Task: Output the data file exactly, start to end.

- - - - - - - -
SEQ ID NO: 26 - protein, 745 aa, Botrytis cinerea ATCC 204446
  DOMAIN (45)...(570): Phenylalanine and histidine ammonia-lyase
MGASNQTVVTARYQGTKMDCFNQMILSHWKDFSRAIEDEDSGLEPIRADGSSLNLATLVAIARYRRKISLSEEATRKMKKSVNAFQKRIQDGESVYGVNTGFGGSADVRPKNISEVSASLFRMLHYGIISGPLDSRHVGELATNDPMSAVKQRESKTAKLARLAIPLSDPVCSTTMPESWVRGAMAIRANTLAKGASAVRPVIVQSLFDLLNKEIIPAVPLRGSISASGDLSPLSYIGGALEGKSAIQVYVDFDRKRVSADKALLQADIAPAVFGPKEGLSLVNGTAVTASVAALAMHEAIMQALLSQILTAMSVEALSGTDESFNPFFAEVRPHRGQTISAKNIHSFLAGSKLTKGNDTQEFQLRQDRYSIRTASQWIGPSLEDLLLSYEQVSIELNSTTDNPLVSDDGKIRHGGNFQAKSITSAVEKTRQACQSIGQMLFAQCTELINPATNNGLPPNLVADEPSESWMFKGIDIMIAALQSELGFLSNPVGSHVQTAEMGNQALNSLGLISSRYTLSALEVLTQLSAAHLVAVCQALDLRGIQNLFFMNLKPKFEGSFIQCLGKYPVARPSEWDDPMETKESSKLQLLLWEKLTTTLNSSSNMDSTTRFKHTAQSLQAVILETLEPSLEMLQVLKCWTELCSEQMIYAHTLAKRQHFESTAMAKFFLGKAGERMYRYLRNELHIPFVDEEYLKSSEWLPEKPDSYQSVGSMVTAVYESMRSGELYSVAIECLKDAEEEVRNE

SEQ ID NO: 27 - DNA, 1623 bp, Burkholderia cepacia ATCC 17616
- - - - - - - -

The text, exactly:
SEQ ID NO: 26 - protein, 745 aa, Botrytis cinerea ATCC 204446
  DOMAIN (45)...(570): Phenylalanine and histidine ammonia-lyase
MGASNQTVVTARYQGTKMDCFNQMILSHWKDFSRAIEDEDSGLEPIRADGSSLNLATLVAIARYRRKISLSEEATRKMKKSVNAFQKRIQDGESVYGVNTGFGGSADVRPKNISEVSASLFRMLHYGIISGPLDSRHVGELATNDPMSAVKQRESKTAKLARLAIPLSDPVCSTTMPESWVRGAMAIRANTLAKGASAVRPVIVQSLFDLLNKEIIPAVPLRGSISASGDLSPLSYIGGALEGKSAIQVYVDFDRKRVSADKALLQADIAPAVFGPKEGLSLVNGTAVTASVAALAMHEAIMQALLSQILTAMSVEALSGTDESFNPFFAEVRPHRGQTISAKNIHSFLAGSKLTKGNDTQEFQLRQDRYSIRTASQWIGPSLEDLLLSYEQVSIELNSTTDNPLVSDDGKIRHGGNFQAKSITSAVEKTRQACQSIGQMLFAQCTELINPATNNGLPPNLVADEPSESWMFKGIDIMIAALQSELGFLSNPVGSHVQTAEMGNQALNSLGLISSRYTLSALEVLTQLSAAHLVAVCQALDLRGIQNLFFMNLKPKFEGSFIQCLGKYPVARPSEWDDPMETKESSKLQLLLWEKLTTTLNSSSNMDSTTRFKHTAQSLQAVILETLEPSLEMLQVLKCWTELCSEQMIYAHTLAKRQHFESTAMAKFFLGKAGERMYRYLRNELHIPFVDEEYLKSSEWLPEKPDSYQSVGSMVTAVYESMRSGELYSVAIECLKDAEEEVRNE

SEQ ID NO: 27 - DNA, 1623 bp, Burkholderia cepacia ATCC 17616